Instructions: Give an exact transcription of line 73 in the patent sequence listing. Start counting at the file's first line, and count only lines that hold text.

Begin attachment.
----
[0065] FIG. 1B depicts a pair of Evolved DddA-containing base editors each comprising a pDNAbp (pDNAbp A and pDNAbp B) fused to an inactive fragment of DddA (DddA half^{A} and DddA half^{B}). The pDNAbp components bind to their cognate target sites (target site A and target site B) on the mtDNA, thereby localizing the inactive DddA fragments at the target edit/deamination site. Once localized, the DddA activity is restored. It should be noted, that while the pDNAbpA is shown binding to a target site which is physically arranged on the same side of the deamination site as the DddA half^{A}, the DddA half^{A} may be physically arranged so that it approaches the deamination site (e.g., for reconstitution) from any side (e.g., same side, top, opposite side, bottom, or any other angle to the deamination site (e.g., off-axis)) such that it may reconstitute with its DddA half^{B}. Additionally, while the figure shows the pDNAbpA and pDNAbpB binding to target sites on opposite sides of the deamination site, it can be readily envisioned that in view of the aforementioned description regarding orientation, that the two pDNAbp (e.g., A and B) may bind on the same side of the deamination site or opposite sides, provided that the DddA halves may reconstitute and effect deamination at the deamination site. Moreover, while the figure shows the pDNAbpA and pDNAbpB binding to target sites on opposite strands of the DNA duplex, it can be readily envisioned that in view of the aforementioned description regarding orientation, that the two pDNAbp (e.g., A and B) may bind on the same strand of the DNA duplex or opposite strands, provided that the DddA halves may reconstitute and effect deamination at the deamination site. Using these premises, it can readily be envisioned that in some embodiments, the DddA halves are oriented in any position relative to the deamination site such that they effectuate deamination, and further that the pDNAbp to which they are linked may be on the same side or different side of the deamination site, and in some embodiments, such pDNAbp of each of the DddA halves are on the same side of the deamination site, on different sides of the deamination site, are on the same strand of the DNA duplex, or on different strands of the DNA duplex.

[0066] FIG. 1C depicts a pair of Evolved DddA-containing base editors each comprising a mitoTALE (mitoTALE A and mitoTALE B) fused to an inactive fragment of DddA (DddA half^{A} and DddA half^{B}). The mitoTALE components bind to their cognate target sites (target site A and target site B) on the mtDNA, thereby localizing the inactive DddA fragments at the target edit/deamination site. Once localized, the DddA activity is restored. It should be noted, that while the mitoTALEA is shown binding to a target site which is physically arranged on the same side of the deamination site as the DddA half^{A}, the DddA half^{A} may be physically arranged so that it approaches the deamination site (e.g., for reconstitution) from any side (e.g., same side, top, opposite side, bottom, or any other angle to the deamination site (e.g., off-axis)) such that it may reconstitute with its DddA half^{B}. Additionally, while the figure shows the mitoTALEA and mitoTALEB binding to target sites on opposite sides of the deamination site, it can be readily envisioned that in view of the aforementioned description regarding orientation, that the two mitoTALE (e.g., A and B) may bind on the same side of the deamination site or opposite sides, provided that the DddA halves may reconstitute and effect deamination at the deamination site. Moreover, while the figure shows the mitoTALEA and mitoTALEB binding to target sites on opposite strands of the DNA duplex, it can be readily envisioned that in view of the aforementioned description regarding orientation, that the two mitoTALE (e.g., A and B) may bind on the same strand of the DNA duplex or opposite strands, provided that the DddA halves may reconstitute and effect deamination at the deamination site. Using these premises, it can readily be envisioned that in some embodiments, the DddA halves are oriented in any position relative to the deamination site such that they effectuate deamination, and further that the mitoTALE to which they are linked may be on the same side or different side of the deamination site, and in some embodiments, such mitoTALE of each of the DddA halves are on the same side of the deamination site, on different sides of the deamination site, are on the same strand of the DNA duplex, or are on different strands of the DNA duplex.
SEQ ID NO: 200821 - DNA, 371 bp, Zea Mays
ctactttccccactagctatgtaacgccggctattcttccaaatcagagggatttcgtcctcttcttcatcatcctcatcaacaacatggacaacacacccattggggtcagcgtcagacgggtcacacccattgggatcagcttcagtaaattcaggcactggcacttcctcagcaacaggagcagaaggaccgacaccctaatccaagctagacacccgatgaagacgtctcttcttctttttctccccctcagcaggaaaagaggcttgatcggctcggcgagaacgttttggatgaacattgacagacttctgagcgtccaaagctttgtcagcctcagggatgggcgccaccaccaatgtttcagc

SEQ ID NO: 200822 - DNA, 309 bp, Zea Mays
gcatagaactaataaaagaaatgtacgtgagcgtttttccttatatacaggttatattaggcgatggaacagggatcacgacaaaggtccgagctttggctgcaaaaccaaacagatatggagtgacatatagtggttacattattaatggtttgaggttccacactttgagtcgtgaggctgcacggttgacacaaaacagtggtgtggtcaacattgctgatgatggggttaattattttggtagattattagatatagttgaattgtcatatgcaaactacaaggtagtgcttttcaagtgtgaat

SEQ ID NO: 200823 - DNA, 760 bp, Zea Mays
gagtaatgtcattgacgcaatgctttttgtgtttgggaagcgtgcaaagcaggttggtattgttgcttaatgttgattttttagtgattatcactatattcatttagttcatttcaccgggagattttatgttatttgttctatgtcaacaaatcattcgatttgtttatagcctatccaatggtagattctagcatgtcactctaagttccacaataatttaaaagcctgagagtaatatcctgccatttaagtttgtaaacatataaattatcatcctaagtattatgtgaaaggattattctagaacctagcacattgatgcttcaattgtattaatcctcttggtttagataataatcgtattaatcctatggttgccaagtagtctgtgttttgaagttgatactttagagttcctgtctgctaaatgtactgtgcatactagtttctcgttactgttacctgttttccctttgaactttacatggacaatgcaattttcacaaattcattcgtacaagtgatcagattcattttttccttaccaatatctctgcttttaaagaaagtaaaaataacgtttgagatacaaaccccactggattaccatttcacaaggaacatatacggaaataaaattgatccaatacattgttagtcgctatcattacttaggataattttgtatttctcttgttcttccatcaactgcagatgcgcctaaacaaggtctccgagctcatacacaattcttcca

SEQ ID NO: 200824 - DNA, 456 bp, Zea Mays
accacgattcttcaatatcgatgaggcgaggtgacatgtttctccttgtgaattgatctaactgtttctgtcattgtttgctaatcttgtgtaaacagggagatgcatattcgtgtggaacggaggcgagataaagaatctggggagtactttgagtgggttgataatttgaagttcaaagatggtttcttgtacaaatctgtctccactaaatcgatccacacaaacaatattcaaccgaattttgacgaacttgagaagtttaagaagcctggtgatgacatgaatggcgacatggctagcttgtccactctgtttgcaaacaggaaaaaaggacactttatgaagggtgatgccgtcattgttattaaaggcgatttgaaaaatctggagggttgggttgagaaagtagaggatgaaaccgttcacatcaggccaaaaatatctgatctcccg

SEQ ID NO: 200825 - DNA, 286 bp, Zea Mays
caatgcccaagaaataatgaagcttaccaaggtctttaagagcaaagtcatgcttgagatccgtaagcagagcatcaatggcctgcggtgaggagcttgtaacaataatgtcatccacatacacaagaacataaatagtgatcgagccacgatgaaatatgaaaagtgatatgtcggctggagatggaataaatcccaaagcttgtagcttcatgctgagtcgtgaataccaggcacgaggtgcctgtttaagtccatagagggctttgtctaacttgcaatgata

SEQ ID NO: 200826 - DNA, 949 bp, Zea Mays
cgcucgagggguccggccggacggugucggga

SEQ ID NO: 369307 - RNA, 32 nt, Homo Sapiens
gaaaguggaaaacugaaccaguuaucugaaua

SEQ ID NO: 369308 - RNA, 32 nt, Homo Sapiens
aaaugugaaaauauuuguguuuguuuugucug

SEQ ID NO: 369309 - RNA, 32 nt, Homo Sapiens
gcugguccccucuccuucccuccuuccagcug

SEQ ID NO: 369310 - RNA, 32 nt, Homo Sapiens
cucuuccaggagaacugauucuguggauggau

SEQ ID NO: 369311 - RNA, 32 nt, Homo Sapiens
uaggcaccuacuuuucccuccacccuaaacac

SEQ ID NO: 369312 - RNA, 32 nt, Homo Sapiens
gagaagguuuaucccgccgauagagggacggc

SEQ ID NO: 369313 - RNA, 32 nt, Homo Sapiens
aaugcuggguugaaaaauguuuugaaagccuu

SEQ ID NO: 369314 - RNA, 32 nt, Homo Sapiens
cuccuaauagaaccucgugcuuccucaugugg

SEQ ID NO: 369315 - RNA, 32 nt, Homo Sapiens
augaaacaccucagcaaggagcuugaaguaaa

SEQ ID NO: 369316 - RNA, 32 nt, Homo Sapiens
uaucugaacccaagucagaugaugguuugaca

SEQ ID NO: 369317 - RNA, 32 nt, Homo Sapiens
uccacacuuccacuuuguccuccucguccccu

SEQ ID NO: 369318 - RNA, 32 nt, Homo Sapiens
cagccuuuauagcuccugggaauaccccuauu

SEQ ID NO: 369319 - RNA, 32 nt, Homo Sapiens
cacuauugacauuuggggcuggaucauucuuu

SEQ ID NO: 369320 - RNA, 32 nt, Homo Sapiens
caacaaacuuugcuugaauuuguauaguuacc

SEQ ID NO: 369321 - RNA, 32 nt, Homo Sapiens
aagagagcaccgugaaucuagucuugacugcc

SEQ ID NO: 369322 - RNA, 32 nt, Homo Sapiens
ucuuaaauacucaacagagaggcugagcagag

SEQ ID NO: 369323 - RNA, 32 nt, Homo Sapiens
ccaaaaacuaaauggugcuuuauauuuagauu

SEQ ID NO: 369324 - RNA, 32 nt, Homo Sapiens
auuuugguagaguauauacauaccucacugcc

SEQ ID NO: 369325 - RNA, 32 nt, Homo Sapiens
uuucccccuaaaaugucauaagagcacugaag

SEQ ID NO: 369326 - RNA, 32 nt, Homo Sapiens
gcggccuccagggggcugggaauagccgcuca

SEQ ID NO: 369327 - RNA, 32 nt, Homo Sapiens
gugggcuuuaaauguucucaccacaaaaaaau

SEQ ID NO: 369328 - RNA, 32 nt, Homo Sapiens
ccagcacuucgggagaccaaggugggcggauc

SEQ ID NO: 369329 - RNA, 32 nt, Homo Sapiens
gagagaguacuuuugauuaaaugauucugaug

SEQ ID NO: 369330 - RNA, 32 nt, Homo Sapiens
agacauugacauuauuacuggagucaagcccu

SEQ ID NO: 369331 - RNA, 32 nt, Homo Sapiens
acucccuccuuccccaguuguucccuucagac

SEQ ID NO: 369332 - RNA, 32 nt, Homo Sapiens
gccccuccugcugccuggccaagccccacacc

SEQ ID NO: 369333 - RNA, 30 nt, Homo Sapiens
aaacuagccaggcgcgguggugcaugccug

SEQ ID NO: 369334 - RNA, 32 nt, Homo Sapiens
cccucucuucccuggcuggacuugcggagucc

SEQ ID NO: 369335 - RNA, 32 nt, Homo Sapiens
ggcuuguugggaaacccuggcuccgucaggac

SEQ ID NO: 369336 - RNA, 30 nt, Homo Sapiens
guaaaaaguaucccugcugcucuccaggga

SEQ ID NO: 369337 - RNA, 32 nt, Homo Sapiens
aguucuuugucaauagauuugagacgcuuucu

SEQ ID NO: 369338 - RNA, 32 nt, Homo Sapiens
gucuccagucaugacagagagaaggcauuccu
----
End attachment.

SEQ ID NO: 369336 - RNA, 30 nt, Homo Sapiens